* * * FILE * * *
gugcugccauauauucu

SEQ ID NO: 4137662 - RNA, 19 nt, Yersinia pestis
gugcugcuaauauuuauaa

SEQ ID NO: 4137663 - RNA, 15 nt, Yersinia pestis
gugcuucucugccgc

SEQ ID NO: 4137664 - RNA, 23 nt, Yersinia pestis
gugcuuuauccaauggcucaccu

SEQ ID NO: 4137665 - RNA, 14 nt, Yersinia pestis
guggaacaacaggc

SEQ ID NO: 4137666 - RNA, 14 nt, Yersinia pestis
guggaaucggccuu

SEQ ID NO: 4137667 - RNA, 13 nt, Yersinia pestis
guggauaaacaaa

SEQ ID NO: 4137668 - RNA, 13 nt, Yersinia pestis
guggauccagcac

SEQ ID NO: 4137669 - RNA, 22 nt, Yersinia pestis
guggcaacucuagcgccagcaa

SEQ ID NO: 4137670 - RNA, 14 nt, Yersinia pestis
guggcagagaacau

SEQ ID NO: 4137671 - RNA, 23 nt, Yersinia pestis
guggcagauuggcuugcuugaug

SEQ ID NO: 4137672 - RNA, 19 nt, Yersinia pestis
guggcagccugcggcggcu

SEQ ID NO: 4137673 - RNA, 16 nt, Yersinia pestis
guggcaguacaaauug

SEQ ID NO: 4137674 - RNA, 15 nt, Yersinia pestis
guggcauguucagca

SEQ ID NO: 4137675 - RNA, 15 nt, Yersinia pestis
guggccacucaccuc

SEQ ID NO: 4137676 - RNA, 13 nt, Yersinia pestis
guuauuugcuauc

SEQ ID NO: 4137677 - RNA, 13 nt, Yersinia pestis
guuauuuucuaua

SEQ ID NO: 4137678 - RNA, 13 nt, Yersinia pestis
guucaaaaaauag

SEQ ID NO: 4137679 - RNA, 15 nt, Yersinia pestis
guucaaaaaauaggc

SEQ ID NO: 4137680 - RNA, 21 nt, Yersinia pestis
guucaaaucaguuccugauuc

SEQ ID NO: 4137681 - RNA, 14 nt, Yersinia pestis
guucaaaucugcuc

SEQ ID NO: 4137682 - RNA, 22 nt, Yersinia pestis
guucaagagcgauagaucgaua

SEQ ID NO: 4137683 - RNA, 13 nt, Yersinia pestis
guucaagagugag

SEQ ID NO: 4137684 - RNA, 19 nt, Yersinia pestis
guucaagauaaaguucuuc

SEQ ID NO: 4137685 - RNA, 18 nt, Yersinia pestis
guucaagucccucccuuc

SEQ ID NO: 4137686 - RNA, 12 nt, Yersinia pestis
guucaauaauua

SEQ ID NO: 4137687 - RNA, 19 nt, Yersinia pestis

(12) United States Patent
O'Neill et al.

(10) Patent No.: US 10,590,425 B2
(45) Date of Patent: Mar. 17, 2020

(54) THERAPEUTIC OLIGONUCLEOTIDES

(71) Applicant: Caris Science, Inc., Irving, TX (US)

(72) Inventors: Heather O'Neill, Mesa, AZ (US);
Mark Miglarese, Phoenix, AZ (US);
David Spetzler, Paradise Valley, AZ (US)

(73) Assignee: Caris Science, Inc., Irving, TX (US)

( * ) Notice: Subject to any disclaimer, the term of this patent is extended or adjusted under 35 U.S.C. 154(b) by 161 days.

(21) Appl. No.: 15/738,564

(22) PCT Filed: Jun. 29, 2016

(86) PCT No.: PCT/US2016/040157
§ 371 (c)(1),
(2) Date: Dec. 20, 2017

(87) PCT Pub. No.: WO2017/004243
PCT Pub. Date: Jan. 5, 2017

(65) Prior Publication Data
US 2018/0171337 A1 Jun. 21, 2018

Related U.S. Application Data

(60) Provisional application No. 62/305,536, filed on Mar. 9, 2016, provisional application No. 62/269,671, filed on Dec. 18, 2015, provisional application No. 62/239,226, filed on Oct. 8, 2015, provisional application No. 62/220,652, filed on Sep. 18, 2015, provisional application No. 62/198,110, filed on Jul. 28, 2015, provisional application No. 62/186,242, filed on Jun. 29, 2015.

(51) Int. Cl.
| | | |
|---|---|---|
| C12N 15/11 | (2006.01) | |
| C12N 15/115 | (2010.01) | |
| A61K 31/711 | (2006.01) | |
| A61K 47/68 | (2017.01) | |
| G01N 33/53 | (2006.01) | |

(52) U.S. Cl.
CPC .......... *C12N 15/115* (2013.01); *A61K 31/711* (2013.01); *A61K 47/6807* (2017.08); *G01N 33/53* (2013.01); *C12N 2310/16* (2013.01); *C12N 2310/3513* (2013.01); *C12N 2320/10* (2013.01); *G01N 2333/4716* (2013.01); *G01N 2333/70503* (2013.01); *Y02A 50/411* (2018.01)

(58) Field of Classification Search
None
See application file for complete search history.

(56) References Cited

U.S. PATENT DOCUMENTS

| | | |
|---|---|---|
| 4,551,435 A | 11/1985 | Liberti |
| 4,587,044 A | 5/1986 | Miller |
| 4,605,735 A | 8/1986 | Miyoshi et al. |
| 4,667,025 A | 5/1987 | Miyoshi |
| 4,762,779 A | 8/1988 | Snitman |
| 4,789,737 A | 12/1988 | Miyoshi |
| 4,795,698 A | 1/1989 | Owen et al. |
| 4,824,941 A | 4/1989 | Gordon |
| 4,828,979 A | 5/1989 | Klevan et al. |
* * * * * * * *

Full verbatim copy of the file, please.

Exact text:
gugcugccauauauucu

SEQ ID NO: 4137662 - RNA, 19 nt, Yersinia pestis
gugcugcuaauauuuauaa

SEQ ID NO: 4137663 - RNA, 15 nt, Yersinia pestis
gugcuucucugccgc

SEQ ID NO: 4137664 - RNA, 23 nt, Yersinia pestis
gugcuuuauccaauggcucaccu

SEQ ID NO: 4137665 - RNA, 14 nt, Yersinia pestis
guggaacaacaggc

SEQ ID NO: 4137666 - RNA, 14 nt, Yersinia pestis
guggaaucggccuu

SEQ ID NO: 4137667 - RNA, 13 nt, Yersinia pestis
guggauaaacaaa

SEQ ID NO: 4137668 - RNA, 13 nt, Yersinia pestis
guggauccagcac

SEQ ID NO: 4137669 - RNA, 22 nt, Yersinia pestis
guggcaacucuagcgccagcaa

SEQ ID NO: 4137670 - RNA, 14 nt, Yersinia pestis
guggcagagaacau

SEQ ID NO: 4137671 - RNA, 23 nt, Yersinia pestis
guggcagauuggcuugcuugaug

SEQ ID NO: 4137672 - RNA, 19 nt, Yersinia pestis
guggcagccugcggcggcu

SEQ ID NO: 4137673 - RNA, 16 nt, Yersinia pestis
guggcaguacaaauug

SEQ ID NO: 4137674 - RNA, 15 nt, Yersinia pestis
guggcauguucagca

SEQ ID NO: 4137675 - RNA, 15 nt, Yersinia pestis
guggccacucaccuc

SEQ ID NO: 4137676 - RNA, 13 nt, Yersinia pestis
guuauuugcuauc

SEQ ID NO: 4137677 - RNA, 13 nt, Yersinia pestis
guuauuuucuaua

SEQ ID NO: 4137678 - RNA, 13 nt, Yersinia pestis
guucaaaaaauag

SEQ ID NO: 4137679 - RNA, 15 nt, Yersinia pestis
guucaaaaaauaggc

SEQ ID NO: 4137680 - RNA, 21 nt, Yersinia pestis
guucaaaucaguuccugauuc

SEQ ID NO: 4137681 - RNA, 14 nt, Yersinia pestis
guucaaaucugcuc

SEQ ID NO: 4137682 - RNA, 22 nt, Yersinia pestis
guucaagagcgauagaucgaua

SEQ ID NO: 4137683 - RNA, 13 nt, Yersinia pestis
guucaagagugag

SEQ ID NO: 4137684 - RNA, 19 nt, Yersinia pestis
guucaagauaaaguucuuc

SEQ ID NO: 4137685 - RNA, 18 nt, Yersinia pestis
guucaagucccucccuuc

SEQ ID NO: 4137686 - RNA, 12 nt, Yersinia pestis
guucaauaauua

SEQ ID NO: 4137687 - RNA, 19 nt, Yersinia pestis

(12) United States Patent
O'Neill et al.

(10) Patent No.: US 10,590,425 B2
(45) Date of Patent: Mar. 17, 2020

(54) THERAPEUTIC OLIGONUCLEOTIDES

(71) Applicant: Caris Science, Inc., Irving, TX (US)

(72) Inventors: Heather O'Neill, Mesa, AZ (US);
Mark Miglarese, Phoenix, AZ (US);
David Spetzler, Paradise Valley, AZ (US)

(73) Assignee: Caris Science, Inc., Irving, TX (US)

( * ) Notice: Subject to any disclaimer, the term of this patent is extended or adjusted under 35 U.S.C. 154(b) by 161 days.

(21) Appl. No.: 15/738,564

(22) PCT Filed: Jun. 29, 2016

(86) PCT No.: PCT/US2016/040157
§ 371 (c)(1),
(2) Date: Dec. 20, 2017

(87) PCT Pub. No.: WO2017/004243
PCT Pub. Date: Jan. 5, 2017

(65) Prior Publication Data
US 2018/0171337 A1 Jun. 21, 2018

Related U.S. Application Data

(60) Provisional application No. 62/305,536, filed on Mar. 9, 2016, provisional application No. 62/269,671, filed on Dec. 18, 2015, provisional application No. 62/239,226, filed on Oct. 8, 2015, provisional application No. 62/220,652, filed on Sep. 18, 2015, provisional application No. 62/198,110, filed on Jul. 28, 2015, provisional application No. 62/186,242, filed on Jun. 29, 2015.

(51) Int. Cl.
| | | |
|---|---|---|
| C12N 15/11 | (2006.01) | |
| C12N 15/115 | (2010.01) | |
| A61K 31/711 | (2006.01) | |
| A61K 47/68 | (2017.01) | |
| G01N 33/53 | (2006.01) | |

(52) U.S. Cl.
CPC .......... *C12N 15/115* (2013.01); *A61K 31/711* (2013.01); *A61K 47/6807* (2017.08); *G01N 33/53* (2013.01); *C12N 2310/16* (2013.01); *C12N 2310/3513* (2013.01); *C12N 2320/10* (2013.01); *G01N 2333/4716* (2013.01); *G01N 2333/70503* (2013.01); *Y02A 50/411* (2018.01)

(58) Field of Classification Search
None
See application file for complete search history.

(56) References Cited

U.S. PATENT DOCUMENTS

| | | |
|---|---|---|
| 4,551,435 A | 11/1985 | Liberti |
| 4,587,044 A | 5/1986 | Miller |
| 4,605,735 A | 8/1986 | Miyoshi et al. |
| 4,667,025 A | 5/1987 | Miyoshi |
| 4,762,779 A | 8/1988 | Snitman |
| 4,789,737 A | 12/1988 | Miyoshi |
| 4,795,698 A | 1/1989 | Owen et al. |
| 4,824,941 A | 4/1989 | Gordon |
| 4,828,979 A | 5/1989 | Klevan et al. |